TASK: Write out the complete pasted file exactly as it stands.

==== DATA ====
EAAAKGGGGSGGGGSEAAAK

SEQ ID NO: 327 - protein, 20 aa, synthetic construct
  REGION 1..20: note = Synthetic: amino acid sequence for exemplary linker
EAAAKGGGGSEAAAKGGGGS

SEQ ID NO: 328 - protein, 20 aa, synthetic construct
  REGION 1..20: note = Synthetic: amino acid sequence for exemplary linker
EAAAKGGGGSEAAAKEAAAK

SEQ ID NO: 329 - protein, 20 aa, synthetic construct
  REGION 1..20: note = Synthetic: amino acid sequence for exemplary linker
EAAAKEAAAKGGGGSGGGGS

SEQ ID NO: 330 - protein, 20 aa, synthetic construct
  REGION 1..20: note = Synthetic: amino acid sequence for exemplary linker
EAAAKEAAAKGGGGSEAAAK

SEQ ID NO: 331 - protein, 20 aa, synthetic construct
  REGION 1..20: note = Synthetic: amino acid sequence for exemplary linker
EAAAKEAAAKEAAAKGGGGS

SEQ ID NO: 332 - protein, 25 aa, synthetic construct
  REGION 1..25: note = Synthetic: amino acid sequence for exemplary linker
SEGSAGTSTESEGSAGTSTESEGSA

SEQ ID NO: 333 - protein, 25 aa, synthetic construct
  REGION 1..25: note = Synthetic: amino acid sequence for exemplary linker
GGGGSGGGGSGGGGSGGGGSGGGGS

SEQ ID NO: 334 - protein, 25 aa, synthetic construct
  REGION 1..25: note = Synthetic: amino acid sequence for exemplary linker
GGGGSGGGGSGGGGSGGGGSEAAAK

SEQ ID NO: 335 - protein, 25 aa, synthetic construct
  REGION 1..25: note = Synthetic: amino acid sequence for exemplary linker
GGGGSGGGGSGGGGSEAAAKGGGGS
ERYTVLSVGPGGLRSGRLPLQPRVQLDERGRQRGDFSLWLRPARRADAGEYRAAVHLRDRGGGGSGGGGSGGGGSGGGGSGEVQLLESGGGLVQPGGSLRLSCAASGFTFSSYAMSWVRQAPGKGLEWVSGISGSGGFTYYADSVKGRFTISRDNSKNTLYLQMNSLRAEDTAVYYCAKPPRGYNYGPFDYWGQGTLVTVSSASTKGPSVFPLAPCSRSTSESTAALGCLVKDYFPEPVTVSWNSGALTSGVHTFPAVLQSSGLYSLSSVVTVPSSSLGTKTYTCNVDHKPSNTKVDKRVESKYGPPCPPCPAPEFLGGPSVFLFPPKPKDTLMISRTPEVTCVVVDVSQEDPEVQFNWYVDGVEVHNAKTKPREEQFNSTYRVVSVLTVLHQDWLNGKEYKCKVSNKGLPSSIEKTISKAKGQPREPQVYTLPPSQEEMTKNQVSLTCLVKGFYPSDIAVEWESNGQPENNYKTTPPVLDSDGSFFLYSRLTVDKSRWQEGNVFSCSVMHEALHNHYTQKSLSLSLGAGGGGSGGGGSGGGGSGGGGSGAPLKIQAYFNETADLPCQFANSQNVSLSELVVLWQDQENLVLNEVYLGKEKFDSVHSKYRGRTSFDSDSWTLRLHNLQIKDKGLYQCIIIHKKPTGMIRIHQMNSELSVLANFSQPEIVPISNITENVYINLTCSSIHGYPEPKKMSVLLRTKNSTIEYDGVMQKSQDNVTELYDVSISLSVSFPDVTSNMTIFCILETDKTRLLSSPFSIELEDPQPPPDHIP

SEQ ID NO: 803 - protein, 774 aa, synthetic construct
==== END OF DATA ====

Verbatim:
EAAAKGGGGSGGGGSEAAAK

SEQ ID NO: 327 - protein, 20 aa, synthetic construct
  REGION 1..20: note = Synthetic: amino acid sequence for exemplary linker
EAAAKGGGGSEAAAKGGGGS

SEQ ID NO: 328 - protein, 20 aa, synthetic construct
  REGION 1..20: note = Synthetic: amino acid sequence for exemplary linker
EAAAKGGGGSEAAAKEAAAK

SEQ ID NO: 329 - protein, 20 aa, synthetic construct
  REGION 1..20: note = Synthetic: amino acid sequence for exemplary linker
EAAAKEAAAKGGGGSGGGGS

SEQ ID NO: 330 - protein, 20 aa, synthetic construct
  REGION 1..20: note = Synthetic: amino acid sequence for exemplary linker
EAAAKEAAAKGGGGSEAAAK

SEQ ID NO: 331 - protein, 20 aa, synthetic construct
  REGION 1..20: note = Synthetic: amino acid sequence for exemplary linker
EAAAKEAAAKEAAAKGGGGS

SEQ ID NO: 332 - protein, 25 aa, synthetic construct
  REGION 1..25: note = Synthetic: amino acid sequence for exemplary linker
SEGSAGTSTESEGSAGTSTESEGSA

SEQ ID NO: 333 - protein, 25 aa, synthetic construct
  REGION 1..25: note = Synthetic: amino acid sequence for exemplary linker
GGGGSGGGGSGGGGSGGGGSGGGGS

SEQ ID NO: 334 - protein, 25 aa, synthetic construct
  REGION 1..25: note = Synthetic: amino acid sequence for exemplary linker
GGGGSGGGGSGGGGSGGGGSEAAAK

SEQ ID NO: 335 - protein, 25 aa, synthetic construct
  REGION 1..25: note = Synthetic: amino acid sequence for exemplary linker
GGGGSGGGGSGGGGSEAAAKGGGGS
ERYTVLSVGPGGLRSGRLPLQPRVQLDERGRQRGDFSLWLRPARRADAGEYRAAVHLRDRGGGGSGGGGSGGGGSGGGGSGEVQLLESGGGLVQPGGSLRLSCAASGFTFSSYAMSWVRQAPGKGLEWVSGISGSGGFTYYADSVKGRFTISRDNSKNTLYLQMNSLRAEDTAVYYCAKPPRGYNYGPFDYWGQGTLVTVSSASTKGPSVFPLAPCSRSTSESTAALGCLVKDYFPEPVTVSWNSGALTSGVHTFPAVLQSSGLYSLSSVVTVPSSSLGTKTYTCNVDHKPSNTKVDKRVESKYGPPCPPCPAPEFLGGPSVFLFPPKPKDTLMISRTPEVTCVVVDVSQEDPEVQFNWYVDGVEVHNAKTKPREEQFNSTYRVVSVLTVLHQDWLNGKEYKCKVSNKGLPSSIEKTISKAKGQPREPQVYTLPPSQEEMTKNQVSLTCLVKGFYPSDIAVEWESNGQPENNYKTTPPVLDSDGSFFLYSRLTVDKSRWQEGNVFSCSVMHEALHNHYTQKSLSLSLGAGGGGSGGGGSGGGGSGGGGSGAPLKIQAYFNETADLPCQFANSQNVSLSELVVLWQDQENLVLNEVYLGKEKFDSVHSKYRGRTSFDSDSWTLRLHNLQIKDKGLYQCIIIHKKPTGMIRIHQMNSELSVLANFSQPEIVPISNITENVYINLTCSSIHGYPEPKKMSVLLRTKNSTIEYDGVMQKSQDNVTELYDVSISLSVSFPDVTSNMTIFCILETDKTRLLSSPFSIELEDPQPPPDHIP

SEQ ID NO: 803 - protein, 774 aa, synthetic construct